On perhaps the wettest day to hit West London for weeks, we arrived at Osterley Park to find a Talking Pictures TV banner and a small marquee where we could pick up our brochure and picnic lunch. It was lovely to finally meet Sarah Cronin, who does so much with her family to programme the weird and wonderful (and sometimes both) film and TV fare of Talking Pictures TV.
On a packed Routemaster (we discovered later from a friendly former bus driver that it had been a green bus in service, but now painted red), we set out for a three-hour tour of locations across Ealing (and a bit of Hounslow).
The route in our book wasn’t quite the route we followed – the driver decided to miss out Hanwell and visited Ealing Broadway a little earlier than planned – and the loudspeaker on the top deck was sadly inaudible until the final hour of the tour, but as a local couple my husband and I were able to roughly follow the progress of the tour from Osterley to Heston, to Southall, West Ealing, Ealing Broadway, South Ealing, Brentford then back to the park.
Highlights along the way included former cinemas the Palace Southall, Odeon Southall, and the former sites of the Walpole and the Empire in Ealing, and locations where “Richard Attenborough caught the bus in Seance on a Wet Afternoon“, “Benny Hill came past this building towards the camera in Who Done It“, and the gate “depicted in The Lavender Hill Mob“, to mention but three.
We spotted the former homes of legendary comics Sid James and Arthur Haynes (both on Gunnersbury Road, with blue plaques), and the alleyway used in Run for Your Money, as well as the corner where George Formby once walked in It’s in the Air and where the policemen marched in Carry on Constable.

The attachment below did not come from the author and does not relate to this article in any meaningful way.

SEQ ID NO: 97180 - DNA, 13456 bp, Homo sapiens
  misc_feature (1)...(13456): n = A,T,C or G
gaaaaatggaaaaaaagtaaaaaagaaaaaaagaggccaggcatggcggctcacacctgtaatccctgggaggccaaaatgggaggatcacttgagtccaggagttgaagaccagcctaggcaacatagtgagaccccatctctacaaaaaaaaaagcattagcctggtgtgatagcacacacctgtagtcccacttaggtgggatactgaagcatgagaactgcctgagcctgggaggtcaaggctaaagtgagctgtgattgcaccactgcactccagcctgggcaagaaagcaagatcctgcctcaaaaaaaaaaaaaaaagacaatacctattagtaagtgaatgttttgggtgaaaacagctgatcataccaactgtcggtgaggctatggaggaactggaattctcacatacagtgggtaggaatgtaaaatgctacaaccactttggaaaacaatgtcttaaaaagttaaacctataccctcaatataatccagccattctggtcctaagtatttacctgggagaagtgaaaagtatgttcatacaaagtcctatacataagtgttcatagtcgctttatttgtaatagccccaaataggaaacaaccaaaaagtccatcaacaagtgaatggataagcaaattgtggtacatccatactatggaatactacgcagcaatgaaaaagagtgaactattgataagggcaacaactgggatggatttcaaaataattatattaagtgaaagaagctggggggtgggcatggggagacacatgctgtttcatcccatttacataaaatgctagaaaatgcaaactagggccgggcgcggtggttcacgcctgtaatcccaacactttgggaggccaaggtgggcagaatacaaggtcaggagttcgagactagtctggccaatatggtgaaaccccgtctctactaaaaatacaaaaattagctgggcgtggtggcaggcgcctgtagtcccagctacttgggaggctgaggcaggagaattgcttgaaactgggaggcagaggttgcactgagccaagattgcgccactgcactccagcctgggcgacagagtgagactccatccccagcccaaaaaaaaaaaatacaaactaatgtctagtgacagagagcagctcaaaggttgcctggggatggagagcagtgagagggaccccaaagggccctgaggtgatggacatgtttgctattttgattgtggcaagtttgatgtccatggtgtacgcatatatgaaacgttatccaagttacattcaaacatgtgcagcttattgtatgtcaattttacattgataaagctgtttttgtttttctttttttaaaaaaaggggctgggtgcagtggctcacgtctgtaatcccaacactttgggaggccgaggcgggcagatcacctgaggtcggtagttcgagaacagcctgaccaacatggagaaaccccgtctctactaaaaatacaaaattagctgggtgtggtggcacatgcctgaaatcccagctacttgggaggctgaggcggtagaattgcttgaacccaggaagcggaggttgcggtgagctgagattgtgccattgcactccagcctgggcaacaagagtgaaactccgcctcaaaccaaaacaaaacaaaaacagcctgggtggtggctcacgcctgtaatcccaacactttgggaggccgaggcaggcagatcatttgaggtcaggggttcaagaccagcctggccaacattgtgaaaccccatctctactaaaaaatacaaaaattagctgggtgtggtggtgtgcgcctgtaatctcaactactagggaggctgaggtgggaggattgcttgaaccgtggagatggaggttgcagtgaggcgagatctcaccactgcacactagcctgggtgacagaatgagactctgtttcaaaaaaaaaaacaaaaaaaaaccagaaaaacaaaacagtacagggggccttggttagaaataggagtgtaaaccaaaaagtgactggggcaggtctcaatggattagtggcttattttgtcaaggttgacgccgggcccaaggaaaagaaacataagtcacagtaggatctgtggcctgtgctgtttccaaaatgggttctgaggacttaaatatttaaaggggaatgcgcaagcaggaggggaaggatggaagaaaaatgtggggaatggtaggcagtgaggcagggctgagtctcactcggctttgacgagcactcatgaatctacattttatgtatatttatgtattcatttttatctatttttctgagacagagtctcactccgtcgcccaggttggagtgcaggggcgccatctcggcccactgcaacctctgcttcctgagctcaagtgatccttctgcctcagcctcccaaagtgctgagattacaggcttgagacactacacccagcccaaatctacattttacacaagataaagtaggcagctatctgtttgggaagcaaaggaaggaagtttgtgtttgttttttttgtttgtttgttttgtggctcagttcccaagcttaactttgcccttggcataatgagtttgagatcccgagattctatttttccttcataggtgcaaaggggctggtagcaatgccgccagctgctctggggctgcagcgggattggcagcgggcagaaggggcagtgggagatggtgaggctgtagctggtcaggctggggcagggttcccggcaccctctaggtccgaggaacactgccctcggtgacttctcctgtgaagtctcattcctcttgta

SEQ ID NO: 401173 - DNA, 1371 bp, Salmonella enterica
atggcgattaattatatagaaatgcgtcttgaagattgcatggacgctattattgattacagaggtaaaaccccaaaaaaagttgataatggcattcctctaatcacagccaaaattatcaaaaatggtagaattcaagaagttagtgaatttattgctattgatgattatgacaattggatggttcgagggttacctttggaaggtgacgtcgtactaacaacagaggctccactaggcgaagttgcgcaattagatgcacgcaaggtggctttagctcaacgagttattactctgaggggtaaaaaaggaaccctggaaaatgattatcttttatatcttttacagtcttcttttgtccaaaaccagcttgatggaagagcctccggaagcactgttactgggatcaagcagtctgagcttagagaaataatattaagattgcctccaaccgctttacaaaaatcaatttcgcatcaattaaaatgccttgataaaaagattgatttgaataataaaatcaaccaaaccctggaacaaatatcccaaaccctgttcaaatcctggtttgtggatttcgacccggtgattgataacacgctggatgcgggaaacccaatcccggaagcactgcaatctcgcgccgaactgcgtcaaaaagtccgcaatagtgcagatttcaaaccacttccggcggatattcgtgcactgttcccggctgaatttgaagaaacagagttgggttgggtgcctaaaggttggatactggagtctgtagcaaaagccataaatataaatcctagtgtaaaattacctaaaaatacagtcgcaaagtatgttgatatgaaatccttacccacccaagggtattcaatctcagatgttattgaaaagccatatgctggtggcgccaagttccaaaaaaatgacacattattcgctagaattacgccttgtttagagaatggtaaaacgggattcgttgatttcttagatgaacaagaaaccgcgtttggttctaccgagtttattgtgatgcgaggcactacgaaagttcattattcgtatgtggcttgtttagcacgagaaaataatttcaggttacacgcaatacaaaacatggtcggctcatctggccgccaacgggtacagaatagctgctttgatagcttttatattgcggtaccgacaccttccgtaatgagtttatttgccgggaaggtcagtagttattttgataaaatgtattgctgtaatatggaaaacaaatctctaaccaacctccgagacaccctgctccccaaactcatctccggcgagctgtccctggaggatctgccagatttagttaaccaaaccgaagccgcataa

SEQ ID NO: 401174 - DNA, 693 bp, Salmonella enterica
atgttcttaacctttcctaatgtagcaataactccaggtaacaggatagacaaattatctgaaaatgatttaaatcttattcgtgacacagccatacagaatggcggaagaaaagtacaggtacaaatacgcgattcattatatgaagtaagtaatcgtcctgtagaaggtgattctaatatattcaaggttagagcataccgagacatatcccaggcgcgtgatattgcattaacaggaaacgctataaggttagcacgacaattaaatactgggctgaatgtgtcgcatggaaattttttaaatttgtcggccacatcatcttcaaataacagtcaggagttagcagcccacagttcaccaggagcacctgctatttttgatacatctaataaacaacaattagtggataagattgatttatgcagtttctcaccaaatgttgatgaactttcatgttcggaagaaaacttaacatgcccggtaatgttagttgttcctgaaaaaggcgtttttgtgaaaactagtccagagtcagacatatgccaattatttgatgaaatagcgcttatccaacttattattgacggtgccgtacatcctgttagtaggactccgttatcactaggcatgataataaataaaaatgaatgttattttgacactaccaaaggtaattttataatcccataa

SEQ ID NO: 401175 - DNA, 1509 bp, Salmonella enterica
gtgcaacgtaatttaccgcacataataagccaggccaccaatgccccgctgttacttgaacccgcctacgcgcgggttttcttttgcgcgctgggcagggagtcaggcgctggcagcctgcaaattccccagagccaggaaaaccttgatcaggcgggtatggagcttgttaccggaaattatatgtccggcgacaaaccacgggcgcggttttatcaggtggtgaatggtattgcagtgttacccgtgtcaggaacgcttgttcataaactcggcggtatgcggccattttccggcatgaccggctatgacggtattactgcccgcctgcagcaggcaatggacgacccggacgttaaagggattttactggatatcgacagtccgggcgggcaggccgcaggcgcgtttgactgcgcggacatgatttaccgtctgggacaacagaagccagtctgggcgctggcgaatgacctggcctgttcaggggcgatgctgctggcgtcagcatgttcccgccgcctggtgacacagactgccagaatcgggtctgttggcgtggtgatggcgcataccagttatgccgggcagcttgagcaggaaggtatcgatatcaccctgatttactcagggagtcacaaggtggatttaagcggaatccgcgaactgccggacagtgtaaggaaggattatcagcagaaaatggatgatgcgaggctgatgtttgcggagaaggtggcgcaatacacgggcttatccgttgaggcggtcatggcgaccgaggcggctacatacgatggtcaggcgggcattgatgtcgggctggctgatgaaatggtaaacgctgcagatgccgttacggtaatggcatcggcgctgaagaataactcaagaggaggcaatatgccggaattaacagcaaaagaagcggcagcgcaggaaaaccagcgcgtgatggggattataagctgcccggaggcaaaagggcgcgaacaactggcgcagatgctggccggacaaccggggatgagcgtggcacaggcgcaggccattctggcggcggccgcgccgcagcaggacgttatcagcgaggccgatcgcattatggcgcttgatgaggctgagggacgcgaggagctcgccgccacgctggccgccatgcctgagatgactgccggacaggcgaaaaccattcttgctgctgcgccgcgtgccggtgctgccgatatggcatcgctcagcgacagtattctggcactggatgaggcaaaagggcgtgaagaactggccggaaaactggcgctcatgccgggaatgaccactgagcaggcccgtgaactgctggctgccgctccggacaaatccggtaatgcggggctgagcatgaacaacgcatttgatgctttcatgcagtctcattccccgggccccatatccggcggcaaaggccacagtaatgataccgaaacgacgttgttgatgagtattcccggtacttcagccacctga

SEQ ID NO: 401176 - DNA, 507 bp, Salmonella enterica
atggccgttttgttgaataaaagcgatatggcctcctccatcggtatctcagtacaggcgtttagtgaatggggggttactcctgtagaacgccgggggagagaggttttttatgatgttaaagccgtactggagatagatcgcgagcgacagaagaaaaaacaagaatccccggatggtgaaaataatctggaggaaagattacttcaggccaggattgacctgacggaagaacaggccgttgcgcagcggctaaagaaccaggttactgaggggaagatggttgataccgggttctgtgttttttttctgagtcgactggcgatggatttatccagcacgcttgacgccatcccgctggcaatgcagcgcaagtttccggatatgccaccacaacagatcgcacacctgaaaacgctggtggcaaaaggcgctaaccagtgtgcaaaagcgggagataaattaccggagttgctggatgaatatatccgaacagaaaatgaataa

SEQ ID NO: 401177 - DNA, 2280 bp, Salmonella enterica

Of course the main attraction was Ealing Studios, where so many great films were created and shot, from the early days of Will Barker in 1902 through to the present day. This is currently the focus of an attempt to create a Walk of Fame to celebrate those stars and crew who made films across the borough.
The booklet utilised film stills and brief descriptions, but I would have added a simple map of the route so it could be retraced by locals or more easily understood for those new to the borough. It was also an ambitious route for the time and traffic, even on a Sunday morning, so future tours may wish to bear that in mind. However, care and time had clearly been lavished on this event.
A tasty packed lunch of crisps, a cheese and tomato sandwich, and a traditional scone with clotted cream and jam (which we took home with us), plus a glass of bubbly on arrival and a Roses chocolate en route, was much appreciated, as were the two rest stops (although I think Southall Park disappointed with the loos closed!).
Our £45 tickets also included a tour of Osterley House, but we decided to call it a day after our mystery tour, planning to use the booklet on future travels around Ealing (and to tick off any films listed which we have not seen yet).
Roll on next March, when the Renown Film Festival takes place in St Albans.